Saturday, June 18, 2005

Rafsanjani, Ahmadinejad top Iran election

Parisa Hafezi, Reuters:
Centrist cleric Akbar Hashemi Rafsanjani narrowly clinched top spot on Saturday in Iran's nail-biting presidential election, but now faces a run-off with his closest rival, hard-liner Mahmoud Ahmadinejad. READ MORE

An Interior Ministry source said pre-election favorite Rafsanjani had won 20.8 percent of the 28.85 million votes cast, a turnout of 62 percent, while Ahmadinejad got 19.3 percent.

The source, who asked not to be named, said the results did not include ballots cast by Iranians abroad but added that those were not expected to alter the top positions from Friday's vote.

As no one in the seven-strong field secured at least 50 percent of votes cast, Rafsanjani and Ahmadinejad will fight the Islamic republic's first run-off election on Friday, June 24.

Whoever wins, unelected Supreme Leader Ayatollah Ali Khamenei will keep the last word on state affairs and hard-liners will retain key levers of power such as security and the courts.

Rafsanjani is a veteran politician who wants better ties with the West and would be likely to pursue a pragmatic reform program, liberalising the economy and preserving social freedoms without antagonizing the powerful clerical elite.

Ahmadinejad, a staunch ally of the hardline establishment, appeared to have won votes among Iran's pious poor, trading on his credentials as a former instructor with the Basij militia, the zealous enforcers of Islamic revolutionary principles.

In a campaign where others broke taboos by advocating better ties with arch-foe America, Ahmadinejad said this was "not the key to all our problems."


Third-placed reformist cleric Mehdi Karroubi accused state bodies of manipulating the vote in favor of a hardline rival.

"Some centers of power are violating the law and are trying to get more votes for a particular person with the help of the Guardian Council," he told a news conference.

He did not mention his competitor by name, but the official IRNA news agency said he was referring to Ahmadinejad.

The results confirmed the shaky reputation of Iranian opinion polls. Most political pundits were also wrong.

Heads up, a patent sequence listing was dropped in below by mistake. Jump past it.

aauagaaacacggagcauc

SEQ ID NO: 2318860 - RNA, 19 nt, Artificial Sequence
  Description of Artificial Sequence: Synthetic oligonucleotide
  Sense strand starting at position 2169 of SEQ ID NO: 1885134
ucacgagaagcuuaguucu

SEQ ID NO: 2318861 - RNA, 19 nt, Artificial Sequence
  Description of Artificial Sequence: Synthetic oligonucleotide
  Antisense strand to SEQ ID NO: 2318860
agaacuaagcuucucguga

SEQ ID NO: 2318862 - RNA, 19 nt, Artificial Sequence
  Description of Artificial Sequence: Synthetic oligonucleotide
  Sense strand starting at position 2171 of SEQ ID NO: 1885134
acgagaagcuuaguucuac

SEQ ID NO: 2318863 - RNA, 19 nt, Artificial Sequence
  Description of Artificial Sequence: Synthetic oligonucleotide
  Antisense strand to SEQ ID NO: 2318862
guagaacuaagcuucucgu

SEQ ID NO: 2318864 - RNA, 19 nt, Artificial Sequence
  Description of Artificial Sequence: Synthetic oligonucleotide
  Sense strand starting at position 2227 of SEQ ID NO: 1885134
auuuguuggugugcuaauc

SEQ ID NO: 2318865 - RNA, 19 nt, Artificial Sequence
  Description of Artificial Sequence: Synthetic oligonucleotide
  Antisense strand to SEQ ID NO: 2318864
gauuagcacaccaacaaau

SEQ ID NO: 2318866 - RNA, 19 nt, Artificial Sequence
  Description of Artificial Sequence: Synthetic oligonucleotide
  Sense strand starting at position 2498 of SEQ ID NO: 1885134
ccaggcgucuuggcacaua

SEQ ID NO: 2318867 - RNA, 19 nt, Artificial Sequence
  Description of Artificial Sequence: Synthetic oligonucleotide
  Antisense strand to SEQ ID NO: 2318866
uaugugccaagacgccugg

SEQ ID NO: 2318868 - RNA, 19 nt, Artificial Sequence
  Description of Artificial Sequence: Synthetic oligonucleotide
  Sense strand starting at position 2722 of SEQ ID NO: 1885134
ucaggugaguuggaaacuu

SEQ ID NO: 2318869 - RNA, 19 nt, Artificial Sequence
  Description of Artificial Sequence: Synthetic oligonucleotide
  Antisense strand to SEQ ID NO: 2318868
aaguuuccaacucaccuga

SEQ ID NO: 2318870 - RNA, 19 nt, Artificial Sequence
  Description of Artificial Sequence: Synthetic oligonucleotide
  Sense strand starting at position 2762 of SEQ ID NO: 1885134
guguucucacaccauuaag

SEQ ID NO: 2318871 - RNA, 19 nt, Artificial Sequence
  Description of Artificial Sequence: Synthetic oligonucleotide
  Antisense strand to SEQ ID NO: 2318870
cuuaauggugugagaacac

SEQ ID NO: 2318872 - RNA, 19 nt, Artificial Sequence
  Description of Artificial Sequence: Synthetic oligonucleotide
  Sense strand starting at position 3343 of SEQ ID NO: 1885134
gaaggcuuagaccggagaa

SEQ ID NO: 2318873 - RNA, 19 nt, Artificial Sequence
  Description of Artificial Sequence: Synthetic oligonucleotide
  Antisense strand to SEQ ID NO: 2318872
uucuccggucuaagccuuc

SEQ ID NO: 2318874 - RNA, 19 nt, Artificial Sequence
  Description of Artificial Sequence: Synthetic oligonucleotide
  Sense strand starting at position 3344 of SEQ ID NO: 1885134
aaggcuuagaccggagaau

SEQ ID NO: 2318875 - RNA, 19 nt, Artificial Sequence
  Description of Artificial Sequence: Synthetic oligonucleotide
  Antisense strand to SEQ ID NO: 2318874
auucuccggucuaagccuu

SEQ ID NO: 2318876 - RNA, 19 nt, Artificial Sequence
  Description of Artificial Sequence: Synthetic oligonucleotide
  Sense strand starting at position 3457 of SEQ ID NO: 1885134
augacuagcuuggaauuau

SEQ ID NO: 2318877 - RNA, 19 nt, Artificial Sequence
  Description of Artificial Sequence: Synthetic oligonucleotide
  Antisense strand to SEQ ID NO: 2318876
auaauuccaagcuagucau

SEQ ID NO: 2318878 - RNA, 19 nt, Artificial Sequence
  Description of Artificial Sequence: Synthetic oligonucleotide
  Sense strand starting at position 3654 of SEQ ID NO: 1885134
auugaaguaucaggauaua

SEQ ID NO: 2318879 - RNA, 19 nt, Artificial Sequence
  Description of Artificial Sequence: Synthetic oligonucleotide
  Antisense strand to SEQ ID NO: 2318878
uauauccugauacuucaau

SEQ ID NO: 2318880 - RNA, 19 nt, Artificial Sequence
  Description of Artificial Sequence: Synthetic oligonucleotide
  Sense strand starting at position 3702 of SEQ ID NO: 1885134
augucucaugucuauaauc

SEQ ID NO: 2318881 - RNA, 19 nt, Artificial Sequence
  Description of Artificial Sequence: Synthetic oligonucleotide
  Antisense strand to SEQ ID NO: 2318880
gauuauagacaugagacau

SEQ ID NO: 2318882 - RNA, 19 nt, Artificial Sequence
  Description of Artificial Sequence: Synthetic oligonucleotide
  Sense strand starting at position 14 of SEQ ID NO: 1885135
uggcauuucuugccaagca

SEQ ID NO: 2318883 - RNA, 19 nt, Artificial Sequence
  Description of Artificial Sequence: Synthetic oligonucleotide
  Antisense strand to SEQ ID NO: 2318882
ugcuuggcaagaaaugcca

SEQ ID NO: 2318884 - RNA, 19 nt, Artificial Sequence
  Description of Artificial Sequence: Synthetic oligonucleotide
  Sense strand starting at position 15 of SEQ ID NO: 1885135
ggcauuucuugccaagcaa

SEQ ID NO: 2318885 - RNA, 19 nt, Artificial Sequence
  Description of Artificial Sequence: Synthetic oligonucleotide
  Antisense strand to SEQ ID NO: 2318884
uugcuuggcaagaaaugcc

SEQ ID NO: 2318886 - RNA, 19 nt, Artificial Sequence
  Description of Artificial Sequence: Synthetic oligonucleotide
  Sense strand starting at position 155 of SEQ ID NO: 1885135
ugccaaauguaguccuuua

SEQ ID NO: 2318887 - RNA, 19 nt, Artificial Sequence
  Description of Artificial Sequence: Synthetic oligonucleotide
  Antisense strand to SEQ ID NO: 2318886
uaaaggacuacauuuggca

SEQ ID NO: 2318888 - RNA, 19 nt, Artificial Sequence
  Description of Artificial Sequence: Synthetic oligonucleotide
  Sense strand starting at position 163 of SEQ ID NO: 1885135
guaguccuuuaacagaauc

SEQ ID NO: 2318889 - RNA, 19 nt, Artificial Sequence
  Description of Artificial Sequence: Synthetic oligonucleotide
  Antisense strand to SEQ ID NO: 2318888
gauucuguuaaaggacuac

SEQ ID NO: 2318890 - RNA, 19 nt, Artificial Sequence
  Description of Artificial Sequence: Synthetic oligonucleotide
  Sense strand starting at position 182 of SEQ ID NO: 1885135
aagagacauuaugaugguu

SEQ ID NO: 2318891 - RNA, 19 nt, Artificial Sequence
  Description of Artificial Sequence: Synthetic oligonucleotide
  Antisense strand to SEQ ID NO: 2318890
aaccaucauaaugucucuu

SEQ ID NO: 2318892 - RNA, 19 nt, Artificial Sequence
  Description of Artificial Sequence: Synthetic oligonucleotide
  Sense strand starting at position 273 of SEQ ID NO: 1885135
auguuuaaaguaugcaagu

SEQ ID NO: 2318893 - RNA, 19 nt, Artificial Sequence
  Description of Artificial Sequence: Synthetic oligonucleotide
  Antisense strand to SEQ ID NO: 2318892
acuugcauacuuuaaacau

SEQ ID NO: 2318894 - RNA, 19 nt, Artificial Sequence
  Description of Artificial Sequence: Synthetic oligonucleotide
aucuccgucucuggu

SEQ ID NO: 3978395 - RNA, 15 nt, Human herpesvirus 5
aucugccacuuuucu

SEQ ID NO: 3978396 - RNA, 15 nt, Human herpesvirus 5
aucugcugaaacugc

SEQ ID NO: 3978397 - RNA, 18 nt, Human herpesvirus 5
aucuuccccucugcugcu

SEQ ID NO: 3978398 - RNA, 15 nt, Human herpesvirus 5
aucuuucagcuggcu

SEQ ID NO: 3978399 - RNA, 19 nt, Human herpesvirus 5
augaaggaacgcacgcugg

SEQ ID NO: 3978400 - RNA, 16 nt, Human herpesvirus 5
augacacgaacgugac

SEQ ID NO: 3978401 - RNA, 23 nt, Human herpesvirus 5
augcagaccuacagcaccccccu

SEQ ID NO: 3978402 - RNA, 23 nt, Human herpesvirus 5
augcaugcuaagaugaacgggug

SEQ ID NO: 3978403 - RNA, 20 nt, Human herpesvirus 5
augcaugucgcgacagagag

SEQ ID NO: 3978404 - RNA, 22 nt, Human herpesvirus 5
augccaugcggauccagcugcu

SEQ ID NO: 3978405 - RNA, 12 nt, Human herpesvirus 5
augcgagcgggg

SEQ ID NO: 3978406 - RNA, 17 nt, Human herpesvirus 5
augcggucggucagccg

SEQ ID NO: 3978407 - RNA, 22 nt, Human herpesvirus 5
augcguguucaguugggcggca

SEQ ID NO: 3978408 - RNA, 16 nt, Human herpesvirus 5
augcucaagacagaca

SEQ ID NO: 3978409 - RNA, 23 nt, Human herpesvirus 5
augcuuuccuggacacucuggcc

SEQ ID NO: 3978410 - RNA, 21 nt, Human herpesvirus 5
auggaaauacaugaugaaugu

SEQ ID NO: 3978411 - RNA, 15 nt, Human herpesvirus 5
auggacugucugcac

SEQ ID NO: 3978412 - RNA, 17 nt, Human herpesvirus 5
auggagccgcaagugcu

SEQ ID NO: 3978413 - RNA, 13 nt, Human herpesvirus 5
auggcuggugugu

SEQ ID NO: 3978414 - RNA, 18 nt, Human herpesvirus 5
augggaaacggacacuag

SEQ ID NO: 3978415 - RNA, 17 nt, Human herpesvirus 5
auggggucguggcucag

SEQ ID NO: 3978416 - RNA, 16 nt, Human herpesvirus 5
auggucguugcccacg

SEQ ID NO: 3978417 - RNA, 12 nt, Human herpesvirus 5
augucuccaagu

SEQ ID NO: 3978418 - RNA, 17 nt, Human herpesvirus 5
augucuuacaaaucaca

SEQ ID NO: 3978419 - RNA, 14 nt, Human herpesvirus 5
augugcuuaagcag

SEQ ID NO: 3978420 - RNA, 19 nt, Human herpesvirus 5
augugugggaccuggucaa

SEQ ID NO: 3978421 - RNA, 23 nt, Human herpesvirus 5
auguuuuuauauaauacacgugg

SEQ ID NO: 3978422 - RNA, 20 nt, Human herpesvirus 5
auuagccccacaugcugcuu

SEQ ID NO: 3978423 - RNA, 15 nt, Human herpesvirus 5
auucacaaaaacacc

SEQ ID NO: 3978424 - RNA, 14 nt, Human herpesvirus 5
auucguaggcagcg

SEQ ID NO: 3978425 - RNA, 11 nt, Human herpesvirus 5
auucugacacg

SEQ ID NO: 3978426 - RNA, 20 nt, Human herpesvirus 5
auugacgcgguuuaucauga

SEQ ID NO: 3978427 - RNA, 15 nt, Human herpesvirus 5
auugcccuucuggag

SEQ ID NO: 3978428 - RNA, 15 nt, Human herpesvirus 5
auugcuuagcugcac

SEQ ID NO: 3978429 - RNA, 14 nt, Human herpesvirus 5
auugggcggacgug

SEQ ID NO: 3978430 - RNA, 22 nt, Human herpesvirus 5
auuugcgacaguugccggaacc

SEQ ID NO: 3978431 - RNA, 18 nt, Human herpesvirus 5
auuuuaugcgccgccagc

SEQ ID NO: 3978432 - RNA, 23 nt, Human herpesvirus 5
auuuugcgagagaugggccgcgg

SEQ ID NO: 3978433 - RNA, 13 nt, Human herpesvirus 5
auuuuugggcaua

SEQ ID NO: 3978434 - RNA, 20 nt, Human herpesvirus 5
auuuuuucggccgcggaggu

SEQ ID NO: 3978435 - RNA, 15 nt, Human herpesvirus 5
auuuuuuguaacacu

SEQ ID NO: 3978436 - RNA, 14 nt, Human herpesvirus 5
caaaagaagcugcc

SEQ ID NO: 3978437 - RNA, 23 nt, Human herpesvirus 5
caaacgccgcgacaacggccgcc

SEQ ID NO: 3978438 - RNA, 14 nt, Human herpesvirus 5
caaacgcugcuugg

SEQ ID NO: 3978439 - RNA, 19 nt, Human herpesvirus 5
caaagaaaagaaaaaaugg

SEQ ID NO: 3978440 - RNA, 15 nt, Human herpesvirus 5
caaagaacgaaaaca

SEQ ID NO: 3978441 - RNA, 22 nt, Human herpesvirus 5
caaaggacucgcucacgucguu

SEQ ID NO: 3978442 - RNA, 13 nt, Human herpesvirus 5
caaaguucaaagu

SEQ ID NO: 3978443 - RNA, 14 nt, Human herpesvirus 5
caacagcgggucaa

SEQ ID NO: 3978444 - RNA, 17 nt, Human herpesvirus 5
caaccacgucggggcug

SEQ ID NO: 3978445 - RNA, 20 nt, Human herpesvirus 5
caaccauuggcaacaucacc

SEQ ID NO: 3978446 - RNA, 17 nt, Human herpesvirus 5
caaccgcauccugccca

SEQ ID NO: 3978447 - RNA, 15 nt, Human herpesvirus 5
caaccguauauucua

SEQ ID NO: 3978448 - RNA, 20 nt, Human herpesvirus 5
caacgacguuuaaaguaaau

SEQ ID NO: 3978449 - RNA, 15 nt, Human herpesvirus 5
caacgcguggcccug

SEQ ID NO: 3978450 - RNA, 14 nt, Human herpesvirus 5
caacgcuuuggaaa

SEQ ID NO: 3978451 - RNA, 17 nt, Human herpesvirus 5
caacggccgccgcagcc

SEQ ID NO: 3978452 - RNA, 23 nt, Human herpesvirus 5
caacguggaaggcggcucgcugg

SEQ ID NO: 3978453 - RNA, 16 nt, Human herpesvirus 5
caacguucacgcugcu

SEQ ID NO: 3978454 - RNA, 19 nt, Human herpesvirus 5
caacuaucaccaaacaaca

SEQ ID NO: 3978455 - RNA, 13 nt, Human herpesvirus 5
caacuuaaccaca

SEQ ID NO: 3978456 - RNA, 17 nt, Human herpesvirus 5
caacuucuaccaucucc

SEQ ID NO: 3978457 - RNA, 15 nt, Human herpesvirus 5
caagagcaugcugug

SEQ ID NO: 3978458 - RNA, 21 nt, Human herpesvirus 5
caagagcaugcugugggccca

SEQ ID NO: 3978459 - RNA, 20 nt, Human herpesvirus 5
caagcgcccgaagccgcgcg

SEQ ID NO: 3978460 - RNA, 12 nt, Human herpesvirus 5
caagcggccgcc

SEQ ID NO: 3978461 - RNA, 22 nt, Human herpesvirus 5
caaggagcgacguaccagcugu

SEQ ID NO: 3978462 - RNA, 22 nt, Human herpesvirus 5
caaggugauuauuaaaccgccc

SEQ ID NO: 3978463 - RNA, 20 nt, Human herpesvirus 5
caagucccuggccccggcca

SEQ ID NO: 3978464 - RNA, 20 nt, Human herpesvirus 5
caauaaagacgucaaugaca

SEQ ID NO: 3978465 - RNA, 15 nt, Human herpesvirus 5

The opinion polls had made Rafsanjani clear favorite, though short of the threshold for a first-round win. But most forecast that reformist Mostafa Moin or hardline ex-police chief Mohammad Baqer Qalibaf would be his closest rivals.

"It has been a completely unpredictable election," Deputy Interior Minister Mahmoud Mirlohi said during the vote count.

Rafsanjani's campaign portrayed him as an experienced leader with the political savvy and clout to resolve Iran's nuclear standoff with the West and repair ties with Washington.

"I have promised people to continue reforms and I am sure I can deliver my promises," he said after voting.

Ayatollah Khamenei congratulated Iranians on the respectable turnout, which he took as a repudiation of U.S. criticisms that the poll was unfair because the unelected Guardian Council had barred many candidates from standing. "With your wise participation in the elections, you have once again announced your strong will to be independent, defend Islamic values and have an Islamic democracy," he said.

Outgoing reformist President Mohammad Khatami described the poll as "totally healthy" and said the result would not derail the changes he initiated because "reforms belong to the people."

The election was the climax to a vibrant campaign that featured Western-style television clips and exuberant street rallies that flouted normally strict Islamic moral codes.

Even conservative candidates adopted the language of reform and ditched open hostility to the West to appeal to Iran's mainly young voters eager for an end to isolation. Half the population is under 25 and anyone over 15 can vote. (Additional reporting by Hossein Jasseb and Amir Paivar).